A professor of Political Science at the Federal University of Oye-Ekiti, Shola Omotola has advised the Economic Community of West Africa (ECOWAS) and African Union (AU) to take proactive steps in steming the rising issues of military coups in the African Continent.
Prof. Omotola gave the advice in a presentation on recent military coups in Africa at the Centre of African Studies, University of Copenhagen, Denmark.
According to the Professor, ECOWAS and AU “remain the two most important stakeholders in dealing with the reincarnation of coups on the continent.”
He said Africa is facing the third wave of coups, which is posing serious threats to the institutionalization of politics and power.
In his words “In the last three years, specifically from 2020, Africa has experienced at least nine coups: two in Burkina Faso, two in Mali, one in Chad (controversial though), one in Guinea, one in Niger, one in Gabon and one in Sudan.
“The Economic Community of West Africa (ECOWAS) and African Union (AU) remain the two most important stakeholders in dealing with the reincarnation of coups on the continent. Apart from their statutory responsibility to fight against all forms of unconstitutional change of governments (UCGs) as elaborately codified in their anti-coup norms, both also have a long history and experience in dealing with military coups.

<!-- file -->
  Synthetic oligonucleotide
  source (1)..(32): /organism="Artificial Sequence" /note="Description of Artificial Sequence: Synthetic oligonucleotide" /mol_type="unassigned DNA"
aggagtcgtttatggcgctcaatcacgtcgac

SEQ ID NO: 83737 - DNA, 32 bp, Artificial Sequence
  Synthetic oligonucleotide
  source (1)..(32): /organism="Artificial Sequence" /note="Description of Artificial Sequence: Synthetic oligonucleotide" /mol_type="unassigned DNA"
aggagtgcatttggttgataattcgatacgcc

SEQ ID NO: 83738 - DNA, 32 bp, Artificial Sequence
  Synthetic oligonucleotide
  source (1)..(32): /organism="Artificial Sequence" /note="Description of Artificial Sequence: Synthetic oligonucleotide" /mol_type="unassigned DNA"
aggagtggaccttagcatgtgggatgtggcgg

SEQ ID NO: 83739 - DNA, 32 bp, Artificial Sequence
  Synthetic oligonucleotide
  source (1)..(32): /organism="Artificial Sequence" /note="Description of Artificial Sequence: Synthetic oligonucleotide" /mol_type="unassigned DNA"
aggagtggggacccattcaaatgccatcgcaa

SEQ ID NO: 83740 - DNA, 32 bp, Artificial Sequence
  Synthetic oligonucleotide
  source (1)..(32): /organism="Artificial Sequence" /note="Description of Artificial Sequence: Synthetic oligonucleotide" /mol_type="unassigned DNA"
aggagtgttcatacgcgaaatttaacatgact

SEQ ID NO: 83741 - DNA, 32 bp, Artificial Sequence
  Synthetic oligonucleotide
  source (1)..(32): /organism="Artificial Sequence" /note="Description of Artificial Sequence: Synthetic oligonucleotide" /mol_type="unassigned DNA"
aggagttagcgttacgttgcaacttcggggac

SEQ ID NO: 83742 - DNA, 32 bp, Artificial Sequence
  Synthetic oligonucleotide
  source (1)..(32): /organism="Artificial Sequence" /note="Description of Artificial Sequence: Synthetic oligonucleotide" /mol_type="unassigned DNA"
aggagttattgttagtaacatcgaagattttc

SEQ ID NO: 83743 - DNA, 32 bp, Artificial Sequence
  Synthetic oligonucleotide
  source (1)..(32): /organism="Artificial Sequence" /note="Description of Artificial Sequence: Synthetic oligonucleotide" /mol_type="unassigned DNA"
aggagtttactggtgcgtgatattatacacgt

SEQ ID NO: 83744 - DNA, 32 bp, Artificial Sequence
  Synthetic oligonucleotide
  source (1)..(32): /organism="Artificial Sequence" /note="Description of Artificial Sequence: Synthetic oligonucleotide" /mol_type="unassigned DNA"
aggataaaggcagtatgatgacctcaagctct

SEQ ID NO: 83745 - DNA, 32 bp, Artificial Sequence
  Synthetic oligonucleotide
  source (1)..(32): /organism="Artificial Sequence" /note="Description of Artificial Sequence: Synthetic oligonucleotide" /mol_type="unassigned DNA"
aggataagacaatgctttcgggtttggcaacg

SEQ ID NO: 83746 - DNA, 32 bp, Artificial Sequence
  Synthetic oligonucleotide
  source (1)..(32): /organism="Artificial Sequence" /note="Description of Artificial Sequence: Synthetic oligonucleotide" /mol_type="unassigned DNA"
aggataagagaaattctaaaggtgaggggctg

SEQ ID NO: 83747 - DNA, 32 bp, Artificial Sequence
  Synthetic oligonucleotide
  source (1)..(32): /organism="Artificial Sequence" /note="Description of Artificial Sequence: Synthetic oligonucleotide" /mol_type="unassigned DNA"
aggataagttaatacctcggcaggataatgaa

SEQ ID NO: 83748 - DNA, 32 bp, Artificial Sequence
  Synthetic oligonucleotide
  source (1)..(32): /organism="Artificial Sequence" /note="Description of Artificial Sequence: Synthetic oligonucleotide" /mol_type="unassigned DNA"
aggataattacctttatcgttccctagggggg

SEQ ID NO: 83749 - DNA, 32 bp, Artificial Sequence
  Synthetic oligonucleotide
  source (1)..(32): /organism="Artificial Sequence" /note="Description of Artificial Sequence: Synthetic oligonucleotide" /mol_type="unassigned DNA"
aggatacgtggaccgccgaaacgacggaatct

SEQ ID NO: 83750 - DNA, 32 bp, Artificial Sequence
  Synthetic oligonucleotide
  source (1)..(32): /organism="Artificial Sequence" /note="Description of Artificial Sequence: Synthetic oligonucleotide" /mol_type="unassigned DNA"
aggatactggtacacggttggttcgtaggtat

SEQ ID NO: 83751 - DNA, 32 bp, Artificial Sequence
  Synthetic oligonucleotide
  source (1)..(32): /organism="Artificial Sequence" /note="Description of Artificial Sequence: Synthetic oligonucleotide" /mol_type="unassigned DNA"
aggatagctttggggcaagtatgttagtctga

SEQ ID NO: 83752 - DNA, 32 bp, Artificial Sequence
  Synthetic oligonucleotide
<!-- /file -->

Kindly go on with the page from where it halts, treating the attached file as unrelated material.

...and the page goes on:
“However, the changing dynamics, form and character of the third wave of coups dictate that while past experience may be handy, it may not be sufficient in addressing the recent coups, he stated.
“The failure to recognize the shifting nature of military coups under the third wave, throwing up new issues and different challenges, including their prevalence in a given post-colonial space (over 85% of recent coups took place in ex-French colonies); ‘street dimensions’ (open demonstration of anti-French sentiments by both state and non-state actors, as well as the increasing popularity of coups via popular demand for intervention before and/or enthusiasm after); and increasing defiance of the putschists in antagonizing and/or rejecting regional interventions, in addition to other factors such as inconsistencies in application of regional norms and contradictions inherent in the military juntas, lies at the heart of the ineffectiveness of official responses to these coups.
“To restore sustainable democratization, regional responses must recognize these issues and establish a balance between past experiences, anti-coup norms and emerging realities.